China's Entry into the World Trade Organisation - Implications for South African Business" Address by Deputy Minister Aziz Pahad, 30 May 2000

Chairperson, honoured speakers and guests

A few years ago when we started the process of establishing diplomatic relations with the PRC we were strongly criticized by some politicians, academics and media for being ideologues threatening the national interests of SA.

Today I am happy to note that when the Department of Foreign Affairs came up with the idea of a conference that would inform the South African public at large, but especially the South African business community, the Trade unions, academics and the media of the importance of China’s imminent accession to the World Trade Organisation (WTO), has been no similar hysterical outbursts.

I would like to express our sincere appreciation to the African-Asian Society for hosting this important conference and for gathering together such an informed array of speakers, both from overseas and South Africa. The Africa-Asian Society has become an important non-governmental organisation for promoting relations between South Africa and Asia, to exchange ideas and to inform and educate the South African public at large about the growing importance of Asia. I would like to encourage embassies and South African and Asian companies to become actively involved in the activities of the Society.

The timing of today’s conference could not have been more appropriate, following shortly after the successful visit of Chinese President Jiang Zemin to South Africa and the announcement by the EU and China that they have reached agreement on a framework for China’s entry into WTO, thus clearing a major hurdle in the way of China’s accession.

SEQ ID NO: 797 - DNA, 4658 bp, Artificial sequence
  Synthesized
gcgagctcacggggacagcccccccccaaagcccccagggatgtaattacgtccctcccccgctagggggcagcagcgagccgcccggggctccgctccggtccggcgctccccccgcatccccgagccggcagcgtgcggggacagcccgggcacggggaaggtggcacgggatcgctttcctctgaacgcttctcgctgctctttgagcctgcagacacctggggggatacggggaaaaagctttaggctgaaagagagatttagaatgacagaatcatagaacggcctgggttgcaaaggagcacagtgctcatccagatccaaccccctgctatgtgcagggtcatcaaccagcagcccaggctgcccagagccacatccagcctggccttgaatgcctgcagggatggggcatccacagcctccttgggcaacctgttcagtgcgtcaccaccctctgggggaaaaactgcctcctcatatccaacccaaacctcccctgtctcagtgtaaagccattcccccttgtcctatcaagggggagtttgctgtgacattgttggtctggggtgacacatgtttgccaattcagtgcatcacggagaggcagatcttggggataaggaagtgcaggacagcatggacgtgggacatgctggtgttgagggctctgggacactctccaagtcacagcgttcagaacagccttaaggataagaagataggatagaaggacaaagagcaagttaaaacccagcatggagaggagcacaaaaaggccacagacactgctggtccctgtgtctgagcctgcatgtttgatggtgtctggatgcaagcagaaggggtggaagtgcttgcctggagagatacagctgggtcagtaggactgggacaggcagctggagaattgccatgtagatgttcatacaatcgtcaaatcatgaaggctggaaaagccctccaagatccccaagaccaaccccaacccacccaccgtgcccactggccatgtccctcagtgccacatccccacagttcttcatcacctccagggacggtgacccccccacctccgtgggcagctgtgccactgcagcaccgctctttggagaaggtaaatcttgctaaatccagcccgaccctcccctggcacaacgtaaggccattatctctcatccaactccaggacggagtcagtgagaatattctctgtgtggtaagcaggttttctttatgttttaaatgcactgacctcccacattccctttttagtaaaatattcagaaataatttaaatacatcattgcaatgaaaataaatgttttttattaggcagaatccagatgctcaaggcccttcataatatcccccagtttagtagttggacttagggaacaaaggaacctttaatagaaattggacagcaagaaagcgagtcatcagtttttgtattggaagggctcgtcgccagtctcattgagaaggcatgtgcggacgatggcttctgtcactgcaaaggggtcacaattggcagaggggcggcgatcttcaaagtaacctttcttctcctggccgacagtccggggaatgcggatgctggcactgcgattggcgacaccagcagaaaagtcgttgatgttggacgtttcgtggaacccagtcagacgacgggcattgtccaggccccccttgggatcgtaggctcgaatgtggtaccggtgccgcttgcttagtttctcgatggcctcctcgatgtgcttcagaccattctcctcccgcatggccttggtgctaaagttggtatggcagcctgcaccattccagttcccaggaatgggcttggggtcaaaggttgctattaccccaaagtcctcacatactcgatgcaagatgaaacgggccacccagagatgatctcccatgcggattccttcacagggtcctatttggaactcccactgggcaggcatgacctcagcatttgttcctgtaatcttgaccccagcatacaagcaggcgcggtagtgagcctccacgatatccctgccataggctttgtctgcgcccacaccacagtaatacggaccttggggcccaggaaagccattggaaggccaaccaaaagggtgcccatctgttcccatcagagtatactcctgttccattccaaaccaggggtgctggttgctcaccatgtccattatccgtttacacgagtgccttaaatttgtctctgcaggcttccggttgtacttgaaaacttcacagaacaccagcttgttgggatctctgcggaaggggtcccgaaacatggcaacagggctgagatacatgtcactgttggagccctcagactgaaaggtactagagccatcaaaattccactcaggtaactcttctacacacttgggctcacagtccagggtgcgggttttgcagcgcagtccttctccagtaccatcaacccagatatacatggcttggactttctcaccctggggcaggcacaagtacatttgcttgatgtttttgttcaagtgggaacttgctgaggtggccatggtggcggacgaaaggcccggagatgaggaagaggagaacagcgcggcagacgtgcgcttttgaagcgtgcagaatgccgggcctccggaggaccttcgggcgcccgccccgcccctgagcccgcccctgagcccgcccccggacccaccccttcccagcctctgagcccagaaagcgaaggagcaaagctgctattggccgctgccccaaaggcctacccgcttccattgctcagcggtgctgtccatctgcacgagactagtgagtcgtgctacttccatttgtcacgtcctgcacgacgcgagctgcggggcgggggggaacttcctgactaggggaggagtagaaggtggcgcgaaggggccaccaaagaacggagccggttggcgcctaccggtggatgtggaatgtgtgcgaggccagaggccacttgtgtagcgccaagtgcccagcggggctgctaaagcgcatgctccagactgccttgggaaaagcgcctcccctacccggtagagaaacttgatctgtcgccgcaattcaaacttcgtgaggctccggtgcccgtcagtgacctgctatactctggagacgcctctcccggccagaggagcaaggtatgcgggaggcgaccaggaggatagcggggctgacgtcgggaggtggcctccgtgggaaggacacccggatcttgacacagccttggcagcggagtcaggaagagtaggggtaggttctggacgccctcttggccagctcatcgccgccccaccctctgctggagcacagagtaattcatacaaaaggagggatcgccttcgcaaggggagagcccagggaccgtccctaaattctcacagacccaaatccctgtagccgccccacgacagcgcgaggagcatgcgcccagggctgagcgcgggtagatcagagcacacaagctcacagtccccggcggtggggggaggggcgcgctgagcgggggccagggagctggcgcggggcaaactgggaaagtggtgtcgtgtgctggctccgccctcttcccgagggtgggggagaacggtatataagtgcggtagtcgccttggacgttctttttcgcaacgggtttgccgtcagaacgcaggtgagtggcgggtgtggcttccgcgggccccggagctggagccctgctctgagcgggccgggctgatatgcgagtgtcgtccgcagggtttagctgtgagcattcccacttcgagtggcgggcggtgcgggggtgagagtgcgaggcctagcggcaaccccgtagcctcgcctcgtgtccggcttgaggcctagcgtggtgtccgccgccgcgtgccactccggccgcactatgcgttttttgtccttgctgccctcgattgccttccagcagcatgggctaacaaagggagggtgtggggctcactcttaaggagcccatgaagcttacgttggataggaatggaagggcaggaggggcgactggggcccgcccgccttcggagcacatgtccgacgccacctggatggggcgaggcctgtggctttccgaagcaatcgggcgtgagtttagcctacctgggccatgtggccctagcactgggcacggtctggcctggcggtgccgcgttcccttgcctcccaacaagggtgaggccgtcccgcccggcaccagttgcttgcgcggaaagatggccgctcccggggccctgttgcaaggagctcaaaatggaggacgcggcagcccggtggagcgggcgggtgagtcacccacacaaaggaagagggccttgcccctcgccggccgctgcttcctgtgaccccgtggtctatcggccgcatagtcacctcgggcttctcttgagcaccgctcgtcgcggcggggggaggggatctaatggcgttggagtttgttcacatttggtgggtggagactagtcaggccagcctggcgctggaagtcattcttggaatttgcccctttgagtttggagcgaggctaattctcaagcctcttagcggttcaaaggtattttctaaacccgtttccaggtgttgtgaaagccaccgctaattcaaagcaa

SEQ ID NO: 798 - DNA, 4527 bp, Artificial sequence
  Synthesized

After having read reports of the first British expedition to China under Lord Macartney that took place from 1792-1794, the Emperor Napoleon, who had a keen interest in Asia, was purported to have uttered these visionary words: "When China awakens, the world will tremble".

Today, nobody argues anymore that this scenario has indeed become reality. However, the world is not trembling but coming to grips with the tremendous opportunities and challenges opened by China’s awakening. In a short span of mere twenty years, after having moved away from a centrally-planned economy to a market-directed economy based on the vision espoused by Deng Xiaoping and encapsulated by his famous words "it does not matter whether the cat is black or white, it is a good cat as long as it catches the mice", the political and economic ascendancy of China has changed the geopolitical and geo-economic landscape of the world irreversibly. China’s remarkable social and economic process since it embarked on its reform and opening up process is based on its policy " of building socialism with Chinese characteristics", i.e. development suited to Chinese specific conditions.

Most people, today, have at least a rudimentary knowledge of the momentous economic and social achievements of China over the past twenty years.

Suffice for me to point out that the last twenty years saw China’s average annual growth between 7 to 9, 8 percent, with foreign trade expanding from US$ 40 billion in 1980 to in excess of US$ 366 billion in 1999, rendering China the 11th largest trading country in the world. The accumulative total of foreign direct investment (FDI) in China by 1998 was US$300 billion, 60% of all FDI going to developing countries. Placed in a regional perspective, no less than six of the world’s largest export and import economies today are to be found in East and Southeast Asia, namely Japan, China, South Korea, Singapore, Taiwan and Hong Kong. These economies today account for 28 percent of all world trade, roughly the same as that of the US, and their share is likely to be much greater by the year 2010. The Greater China region alone (Mainland/Hong Kong/ Taiwan) accounted for a staggering US$950 billion in foreign trade during 1999.